Alumni Spotlight: Dr. Uma Naidoo

Alumni Spotlight:  Dr. Uma Naidoo

Michelin-starred chef David Bouley described Dr. Uma Naidoo as the world’s first “triple threat” in the food as medicine space: She is a Harvard trained psychiatrist, a Professional Chef with a diploma from Cambridge School of Culinary Arts, and Nutrition Specialist. Her niche work is in Nutritional Psychiatry and she is regarded both nationally and internationally as a medical pioneer in this more newly recognized field. Featured in the Wall Street Journal, ABC News, Harvard Health Press, Goop, and many others, Dr Uma has a special interest on the impact of food on mood and other mental health conditions. In her role as a Clinical Scientist, Dr. Naidoo founded and directs the first hospital-based clinical service in Nutritional Psychiatry in the USA. She is the Director of Nutritional and Lifestyle Psychiatry at Massachusetts General Hospital (MGH) & Director of Nutritional Psychiatry at the Massachusetts General Hospital Academy while serving on the faculty at Harvard Medical School.

Dr Naidoo graduated from the Harvard-Longwood Psychiatry Residency Training Program in Boston during which she received several awards, some of which included a “Junior Investigator Award” (American Psychiatric Association); “Leadership Development for Physicians and Scientists” award (Harvard), as well as being the very first psychiatrist to be awarded the coveted “Curtis Prout Scholar in Medical
Education”. Dr Naidoo, has been asked by The American Psychiatric Association to author the first academic text in Nutritional Psychiatry.

In addition to this, Dr Naidoo is the author of the upcoming title, This Is Your Brain On Food, to be released August 4th, 2020. In her book, she shows the cutting-edge science explaining the ways in which food contributes to our mental health and how a sound diet can help treat and prevent a wide range of psychological and cognitive health issues, from ADHD to anxiety, depression, OCD, and others.


Dr. Naidoo’s new book is extremely timely due to the challenges the COVID-19 pandemic has created.  From a recent article from the Harvard Health Blog,  Dr. Naidoo explained,  “With people eating more at home than ever before it is important to understand the connection between food and our health.  It’s hard to cope with being quarantined and not reach for your favorite salty, crunchy snack because of boredom or feeling on edge. A few pretzels or chips are okay, but many people may not be able to step away from eating the entire bag once it’s open. Also, if you’re already feeling blue, the quick fix of cookies or cake will ultimately make you feel worse. Processed foods and shelf-stable items like baked goods contain a lot of simple carbohydrates that create a yo-yo effect on our blood sugar, which can drive anxiety and worsen mood.”

Dr. Naidoo went on to offer some helpful tips to aid us in making better decisions at home.

How then can we mindfully make good food choices?

  • Make a schedule or a daily meal plan. A schedule is more predictable for you and for everyone in your household.
  • Consider apps to stay connected around a meal. Skype, Zoom, or FaceTime with family and friends. Share recipes or even cook virtually together.
  • Plan for groceries. Try to buy fewer processed, high-salt or high-sugar snacks.
  • Load up on fruits, vegetables, whole grains, healthy fats, and lean proteins.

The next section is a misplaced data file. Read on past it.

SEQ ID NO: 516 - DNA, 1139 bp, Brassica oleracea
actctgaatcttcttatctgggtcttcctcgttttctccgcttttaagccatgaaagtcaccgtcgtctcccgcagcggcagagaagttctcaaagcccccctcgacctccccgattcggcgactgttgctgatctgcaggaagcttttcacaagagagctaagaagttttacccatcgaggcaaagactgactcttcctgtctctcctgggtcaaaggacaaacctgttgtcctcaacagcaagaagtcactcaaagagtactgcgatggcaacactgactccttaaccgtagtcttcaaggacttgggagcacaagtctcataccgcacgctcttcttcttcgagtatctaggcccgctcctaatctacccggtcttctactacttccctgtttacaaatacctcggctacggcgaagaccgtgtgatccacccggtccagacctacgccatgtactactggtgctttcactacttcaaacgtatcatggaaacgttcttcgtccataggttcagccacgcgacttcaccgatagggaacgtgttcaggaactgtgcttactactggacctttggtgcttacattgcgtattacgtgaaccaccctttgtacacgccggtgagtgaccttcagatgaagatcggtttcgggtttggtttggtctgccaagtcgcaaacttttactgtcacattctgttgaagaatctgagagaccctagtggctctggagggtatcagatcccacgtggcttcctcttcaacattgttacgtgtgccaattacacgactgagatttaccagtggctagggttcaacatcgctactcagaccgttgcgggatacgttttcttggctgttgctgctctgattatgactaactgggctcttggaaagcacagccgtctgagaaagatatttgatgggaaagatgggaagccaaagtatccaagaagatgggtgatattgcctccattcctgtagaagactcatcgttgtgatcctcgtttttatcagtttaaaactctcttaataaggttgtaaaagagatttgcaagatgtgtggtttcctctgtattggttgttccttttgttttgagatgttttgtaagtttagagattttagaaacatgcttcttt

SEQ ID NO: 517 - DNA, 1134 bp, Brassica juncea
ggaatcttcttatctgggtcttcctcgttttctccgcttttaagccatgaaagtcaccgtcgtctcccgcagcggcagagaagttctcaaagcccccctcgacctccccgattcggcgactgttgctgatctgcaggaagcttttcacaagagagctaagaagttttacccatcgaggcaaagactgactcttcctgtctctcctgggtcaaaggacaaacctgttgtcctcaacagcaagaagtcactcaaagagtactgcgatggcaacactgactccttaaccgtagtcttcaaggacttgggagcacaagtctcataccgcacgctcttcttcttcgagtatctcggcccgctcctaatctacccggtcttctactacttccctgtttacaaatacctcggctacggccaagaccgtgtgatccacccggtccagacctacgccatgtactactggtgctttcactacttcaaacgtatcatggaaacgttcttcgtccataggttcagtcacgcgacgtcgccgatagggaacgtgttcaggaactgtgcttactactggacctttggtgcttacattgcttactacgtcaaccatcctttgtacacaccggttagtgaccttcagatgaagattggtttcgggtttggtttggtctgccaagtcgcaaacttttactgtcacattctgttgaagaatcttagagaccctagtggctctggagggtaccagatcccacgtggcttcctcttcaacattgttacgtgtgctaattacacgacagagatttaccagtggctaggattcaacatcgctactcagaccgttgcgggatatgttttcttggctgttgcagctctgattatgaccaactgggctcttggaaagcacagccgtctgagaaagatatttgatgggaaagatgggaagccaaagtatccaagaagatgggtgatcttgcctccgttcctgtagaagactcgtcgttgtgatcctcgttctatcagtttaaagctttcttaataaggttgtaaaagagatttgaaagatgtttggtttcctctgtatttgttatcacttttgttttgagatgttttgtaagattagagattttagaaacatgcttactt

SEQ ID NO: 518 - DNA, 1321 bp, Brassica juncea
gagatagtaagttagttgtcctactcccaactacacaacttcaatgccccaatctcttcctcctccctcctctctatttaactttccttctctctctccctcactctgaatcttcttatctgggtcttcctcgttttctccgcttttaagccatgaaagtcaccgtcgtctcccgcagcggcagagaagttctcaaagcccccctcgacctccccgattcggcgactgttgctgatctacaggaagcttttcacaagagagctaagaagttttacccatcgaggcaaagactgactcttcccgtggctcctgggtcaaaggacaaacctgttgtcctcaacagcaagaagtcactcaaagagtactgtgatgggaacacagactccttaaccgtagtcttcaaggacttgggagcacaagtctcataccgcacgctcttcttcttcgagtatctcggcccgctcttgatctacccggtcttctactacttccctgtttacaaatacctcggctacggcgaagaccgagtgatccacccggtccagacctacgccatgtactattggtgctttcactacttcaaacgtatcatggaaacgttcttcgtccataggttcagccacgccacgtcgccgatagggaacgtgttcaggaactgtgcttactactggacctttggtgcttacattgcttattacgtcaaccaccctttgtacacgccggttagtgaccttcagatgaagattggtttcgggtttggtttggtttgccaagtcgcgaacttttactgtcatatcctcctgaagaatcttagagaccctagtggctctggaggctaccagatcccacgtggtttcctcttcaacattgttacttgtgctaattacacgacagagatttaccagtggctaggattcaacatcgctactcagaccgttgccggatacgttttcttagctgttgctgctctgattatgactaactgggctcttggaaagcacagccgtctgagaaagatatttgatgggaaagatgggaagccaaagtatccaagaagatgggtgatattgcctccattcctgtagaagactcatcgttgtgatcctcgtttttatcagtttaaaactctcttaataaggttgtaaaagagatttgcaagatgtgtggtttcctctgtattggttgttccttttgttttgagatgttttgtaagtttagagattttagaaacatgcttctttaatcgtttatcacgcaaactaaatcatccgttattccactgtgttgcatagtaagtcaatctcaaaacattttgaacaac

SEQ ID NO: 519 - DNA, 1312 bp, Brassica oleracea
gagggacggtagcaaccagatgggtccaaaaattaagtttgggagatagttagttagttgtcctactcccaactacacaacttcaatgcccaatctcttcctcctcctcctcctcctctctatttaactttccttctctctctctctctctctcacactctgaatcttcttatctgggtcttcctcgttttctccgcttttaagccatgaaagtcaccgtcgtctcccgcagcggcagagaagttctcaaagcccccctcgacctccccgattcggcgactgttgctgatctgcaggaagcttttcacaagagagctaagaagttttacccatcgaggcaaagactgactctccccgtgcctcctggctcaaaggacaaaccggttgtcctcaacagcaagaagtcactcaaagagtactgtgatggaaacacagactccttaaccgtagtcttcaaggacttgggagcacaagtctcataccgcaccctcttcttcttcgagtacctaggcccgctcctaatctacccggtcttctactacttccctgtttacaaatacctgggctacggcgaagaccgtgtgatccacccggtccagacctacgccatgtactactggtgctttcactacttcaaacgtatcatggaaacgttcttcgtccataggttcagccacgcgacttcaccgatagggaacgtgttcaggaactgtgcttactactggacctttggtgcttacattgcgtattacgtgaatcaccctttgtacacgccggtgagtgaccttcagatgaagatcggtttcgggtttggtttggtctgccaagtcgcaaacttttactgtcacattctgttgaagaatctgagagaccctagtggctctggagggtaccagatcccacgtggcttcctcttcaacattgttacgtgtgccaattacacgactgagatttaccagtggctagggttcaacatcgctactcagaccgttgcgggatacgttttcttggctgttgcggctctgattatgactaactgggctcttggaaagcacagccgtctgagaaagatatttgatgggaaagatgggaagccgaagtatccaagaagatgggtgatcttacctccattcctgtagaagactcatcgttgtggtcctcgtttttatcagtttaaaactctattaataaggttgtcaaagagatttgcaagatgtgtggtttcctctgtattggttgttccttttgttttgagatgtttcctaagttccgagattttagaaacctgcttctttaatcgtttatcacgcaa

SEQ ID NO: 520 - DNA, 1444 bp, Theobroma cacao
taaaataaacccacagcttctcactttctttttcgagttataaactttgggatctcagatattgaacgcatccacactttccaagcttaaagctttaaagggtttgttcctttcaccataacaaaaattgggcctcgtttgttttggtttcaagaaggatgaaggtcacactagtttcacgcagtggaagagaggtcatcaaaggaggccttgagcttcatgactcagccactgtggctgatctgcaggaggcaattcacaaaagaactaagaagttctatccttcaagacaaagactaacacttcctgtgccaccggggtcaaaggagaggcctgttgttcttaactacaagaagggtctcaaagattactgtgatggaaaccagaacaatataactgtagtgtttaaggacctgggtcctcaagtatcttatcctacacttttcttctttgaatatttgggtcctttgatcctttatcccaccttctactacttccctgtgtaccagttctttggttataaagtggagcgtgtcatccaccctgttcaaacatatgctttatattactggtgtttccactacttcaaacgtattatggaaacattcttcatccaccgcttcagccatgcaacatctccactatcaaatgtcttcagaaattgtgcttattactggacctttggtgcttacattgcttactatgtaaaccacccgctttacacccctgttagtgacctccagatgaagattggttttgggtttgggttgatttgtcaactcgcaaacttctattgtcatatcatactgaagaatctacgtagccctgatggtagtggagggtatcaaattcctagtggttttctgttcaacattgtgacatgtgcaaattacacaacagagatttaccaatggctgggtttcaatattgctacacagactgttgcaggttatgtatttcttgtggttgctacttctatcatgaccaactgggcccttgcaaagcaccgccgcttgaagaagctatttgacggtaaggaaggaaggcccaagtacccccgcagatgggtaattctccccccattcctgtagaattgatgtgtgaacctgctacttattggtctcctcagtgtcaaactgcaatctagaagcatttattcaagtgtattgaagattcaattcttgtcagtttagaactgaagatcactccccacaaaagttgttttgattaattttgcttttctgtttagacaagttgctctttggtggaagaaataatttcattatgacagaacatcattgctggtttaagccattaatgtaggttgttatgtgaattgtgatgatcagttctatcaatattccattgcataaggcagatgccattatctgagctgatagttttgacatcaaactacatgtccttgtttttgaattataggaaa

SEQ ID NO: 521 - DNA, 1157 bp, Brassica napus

• Save money. Skip the high-sugar soda and juices; instead flavor water with edible citrus or berries.
  • Plan and enjoy an occasional comfort food for a weekly treat — pick a day and enjoy whatever you want, just not all your favorites on the same day!
  • Manage your environment. If candy is simply not in the cupboard, then you can’t eat it.

Eating during COVID-19: Improve your mood and lower stress

Did you know that blueberries can help you cope with the after-effects of trauma? That salami can cause depression, or that boosting Vitamin D intake can help treat anxiety?

When it comes to diet, most people’s concerns involve weight loss, fitness, cardiac health, and longevity. But what we eat affects more than our bodies; it also affects our brains. Now more than ever our food is something we can control. Foods can boost our immunity which is also linked to levels of depression and anxiety; studies also show a link to insomnia, dementia and beyond.

This Is Your Brain on Food is the definitive book on eating for mental health, from the go-to expert on how food impacts the brain. It will help you use your diet to fight depression, anxiety, trauma, OCD, ADHD and more by teaching the science behind the gut-brain connection.

In This Is Your Brain on Food, she draws on cutting-edge research to explain the many ways in which food contributes to our mental health, and shows how a sound diet can help treat and prevent a wide range of psychological and cognitive health issues.

During her time at CSCA, Uma juggled her studies with her day job at the hospital, yet still managed to graduate from the Cambridge School of Culinary Arts Professional Chef’s Program in 2012 with the MFK Fisher award for innovation.  Uma has found a unique way to combine her passions for food, nutrition, medicine, and science into an impressive career that continues to soar.  You can order Uma’s acclaimed book now at Amazon, Barnes and Noble and other booksellers!

Congratulations Uma on your continued success!

For more on Dr. Uma Naidoo, please visit

Would you like to be featured in our next Alumni Spotlight?  Fill out a Submission Form for consideration.

Related Posts